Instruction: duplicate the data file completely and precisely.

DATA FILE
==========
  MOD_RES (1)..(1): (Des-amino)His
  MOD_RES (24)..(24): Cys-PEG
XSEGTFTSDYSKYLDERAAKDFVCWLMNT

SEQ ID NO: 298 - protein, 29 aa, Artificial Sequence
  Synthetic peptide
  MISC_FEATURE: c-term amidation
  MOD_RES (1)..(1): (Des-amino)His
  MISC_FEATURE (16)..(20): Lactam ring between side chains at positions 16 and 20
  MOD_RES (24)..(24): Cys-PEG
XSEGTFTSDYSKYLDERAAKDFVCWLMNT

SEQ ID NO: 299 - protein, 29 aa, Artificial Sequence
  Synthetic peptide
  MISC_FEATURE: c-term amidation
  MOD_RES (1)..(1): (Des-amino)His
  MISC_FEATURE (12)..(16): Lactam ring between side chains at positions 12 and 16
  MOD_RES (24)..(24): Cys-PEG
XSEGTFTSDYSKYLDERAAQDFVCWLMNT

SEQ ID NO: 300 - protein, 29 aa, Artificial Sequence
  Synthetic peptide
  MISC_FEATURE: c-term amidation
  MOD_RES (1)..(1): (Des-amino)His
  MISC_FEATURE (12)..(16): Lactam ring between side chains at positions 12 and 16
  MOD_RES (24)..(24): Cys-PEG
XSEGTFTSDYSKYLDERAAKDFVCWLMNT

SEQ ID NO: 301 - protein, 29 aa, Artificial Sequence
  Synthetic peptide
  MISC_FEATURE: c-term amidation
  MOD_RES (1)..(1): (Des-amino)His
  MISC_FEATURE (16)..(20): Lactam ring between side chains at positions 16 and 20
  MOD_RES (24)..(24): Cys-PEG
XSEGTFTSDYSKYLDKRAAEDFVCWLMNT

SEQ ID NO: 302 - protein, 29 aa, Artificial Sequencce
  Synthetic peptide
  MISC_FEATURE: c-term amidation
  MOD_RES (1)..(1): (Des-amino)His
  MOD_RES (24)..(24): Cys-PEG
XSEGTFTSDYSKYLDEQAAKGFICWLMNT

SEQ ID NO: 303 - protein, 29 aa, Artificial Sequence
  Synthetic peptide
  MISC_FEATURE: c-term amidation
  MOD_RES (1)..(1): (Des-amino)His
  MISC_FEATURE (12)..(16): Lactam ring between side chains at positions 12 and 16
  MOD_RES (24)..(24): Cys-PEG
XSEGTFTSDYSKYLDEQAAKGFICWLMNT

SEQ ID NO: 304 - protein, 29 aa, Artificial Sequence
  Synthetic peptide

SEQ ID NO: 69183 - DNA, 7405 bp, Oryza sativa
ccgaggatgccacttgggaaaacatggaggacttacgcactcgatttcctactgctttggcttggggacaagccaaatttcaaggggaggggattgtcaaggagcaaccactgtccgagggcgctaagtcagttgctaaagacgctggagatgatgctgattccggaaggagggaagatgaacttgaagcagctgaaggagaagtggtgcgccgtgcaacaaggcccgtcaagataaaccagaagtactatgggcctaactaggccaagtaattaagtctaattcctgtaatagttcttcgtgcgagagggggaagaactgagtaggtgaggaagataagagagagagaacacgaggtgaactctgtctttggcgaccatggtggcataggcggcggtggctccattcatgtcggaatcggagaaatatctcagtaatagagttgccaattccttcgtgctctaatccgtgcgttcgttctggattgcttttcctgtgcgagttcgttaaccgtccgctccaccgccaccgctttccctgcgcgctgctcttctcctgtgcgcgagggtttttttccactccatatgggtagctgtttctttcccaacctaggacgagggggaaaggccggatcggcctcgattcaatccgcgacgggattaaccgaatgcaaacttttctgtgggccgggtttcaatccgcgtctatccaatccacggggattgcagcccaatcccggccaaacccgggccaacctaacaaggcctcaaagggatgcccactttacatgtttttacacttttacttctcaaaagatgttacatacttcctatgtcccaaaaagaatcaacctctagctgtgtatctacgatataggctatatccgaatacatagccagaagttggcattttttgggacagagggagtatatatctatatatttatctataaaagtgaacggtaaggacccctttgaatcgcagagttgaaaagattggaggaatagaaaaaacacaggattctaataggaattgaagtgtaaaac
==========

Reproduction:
  MOD_RES (1)..(1): (Des-amino)His
  MOD_RES (24)..(24): Cys-PEG
XSEGTFTSDYSKYLDERAAKDFVCWLMNT

SEQ ID NO: 298 - protein, 29 aa, Artificial Sequence
  Synthetic peptide
  MISC_FEATURE: c-term amidation
  MOD_RES (1)..(1): (Des-amino)His
  MISC_FEATURE (16)..(20): Lactam ring between side chains at positions 16 and 20
  MOD_RES (24)..(24): Cys-PEG
XSEGTFTSDYSKYLDERAAKDFVCWLMNT

SEQ ID NO: 299 - protein, 29 aa, Artificial Sequence
  Synthetic peptide
  MISC_FEATURE: c-term amidation
  MOD_RES (1)..(1): (Des-amino)His
  MISC_FEATURE (12)..(16): Lactam ring between side chains at positions 12 and 16
  MOD_RES (24)..(24): Cys-PEG
XSEGTFTSDYSKYLDERAAQDFVCWLMNT

SEQ ID NO: 300 - protein, 29 aa, Artificial Sequence
  Synthetic peptide
  MISC_FEATURE: c-term amidation
  MOD_RES (1)..(1): (Des-amino)His
  MISC_FEATURE (12)..(16): Lactam ring between side chains at positions 12 and 16
  MOD_RES (24)..(24): Cys-PEG
XSEGTFTSDYSKYLDERAAKDFVCWLMNT

SEQ ID NO: 301 - protein, 29 aa, Artificial Sequence
  Synthetic peptide
  MISC_FEATURE: c-term amidation
  MOD_RES (1)..(1): (Des-amino)His
  MISC_FEATURE (16)..(20): Lactam ring between side chains at positions 16 and 20
  MOD_RES (24)..(24): Cys-PEG
XSEGTFTSDYSKYLDKRAAEDFVCWLMNT

SEQ ID NO: 302 - protein, 29 aa, Artificial Sequencce
  Synthetic peptide
  MISC_FEATURE: c-term amidation
  MOD_RES (1)..(1): (Des-amino)His
  MOD_RES (24)..(24): Cys-PEG
XSEGTFTSDYSKYLDEQAAKGFICWLMNT

SEQ ID NO: 303 - protein, 29 aa, Artificial Sequence
  Synthetic peptide
  MISC_FEATURE: c-term amidation
  MOD_RES (1)..(1): (Des-amino)His
  MISC_FEATURE (12)..(16): Lactam ring between side chains at positions 12 and 16
  MOD_RES (24)..(24): Cys-PEG
XSEGTFTSDYSKYLDEQAAKGFICWLMNT

SEQ ID NO: 304 - protein, 29 aa, Artificial Sequence
  Synthetic peptide

SEQ ID NO: 69183 - DNA, 7405 bp, Oryza sativa
ccgaggatgccacttgggaaaacatggaggacttacgcactcgatttcctactgctttggcttggggacaagccaaatttcaaggggaggggattgtcaaggagcaaccactgtccgagggcgctaagtcagttgctaaagacgctggagatgatgctgattccggaaggagggaagatgaacttgaagcagctgaaggagaagtggtgcgccgtgcaacaaggcccgtcaagataaaccagaagtactatgggcctaactaggccaagtaattaagtctaattcctgtaatagttcttcgtgcgagagggggaagaactgagtaggtgaggaagataagagagagagaacacgaggtgaactctgtctttggcgaccatggtggcataggcggcggtggctccattcatgtcggaatcggagaaatatctcagtaatagagttgccaattccttcgtgctctaatccgtgcgttcgttctggattgcttttcctgtgcgagttcgttaaccgtccgctccaccgccaccgctttccctgcgcgctgctcttctcctgtgcgcgagggtttttttccactccatatgggtagctgtttctttcccaacctaggacgagggggaaaggccggatcggcctcgattcaatccgcgacgggattaaccgaatgcaaacttttctgtgggccgggtttcaatccgcgtctatccaatccacggggattgcagcccaatcccggccaaacccgggccaacctaacaaggcctcaaagggatgcccactttacatgtttttacacttttacttctcaaaagatgttacatacttcctatgtcccaaaaagaatcaacctctagctgtgtatctacgatataggctatatccgaatacatagccagaagttggcattttttgggacagagggagtatatatctatatatttatctataaaagtgaacggtaaggacccctttgaatcgcagagttgaaaagattggaggaatagaaaaaacacaggattctaataggaattgaagtgtaaaac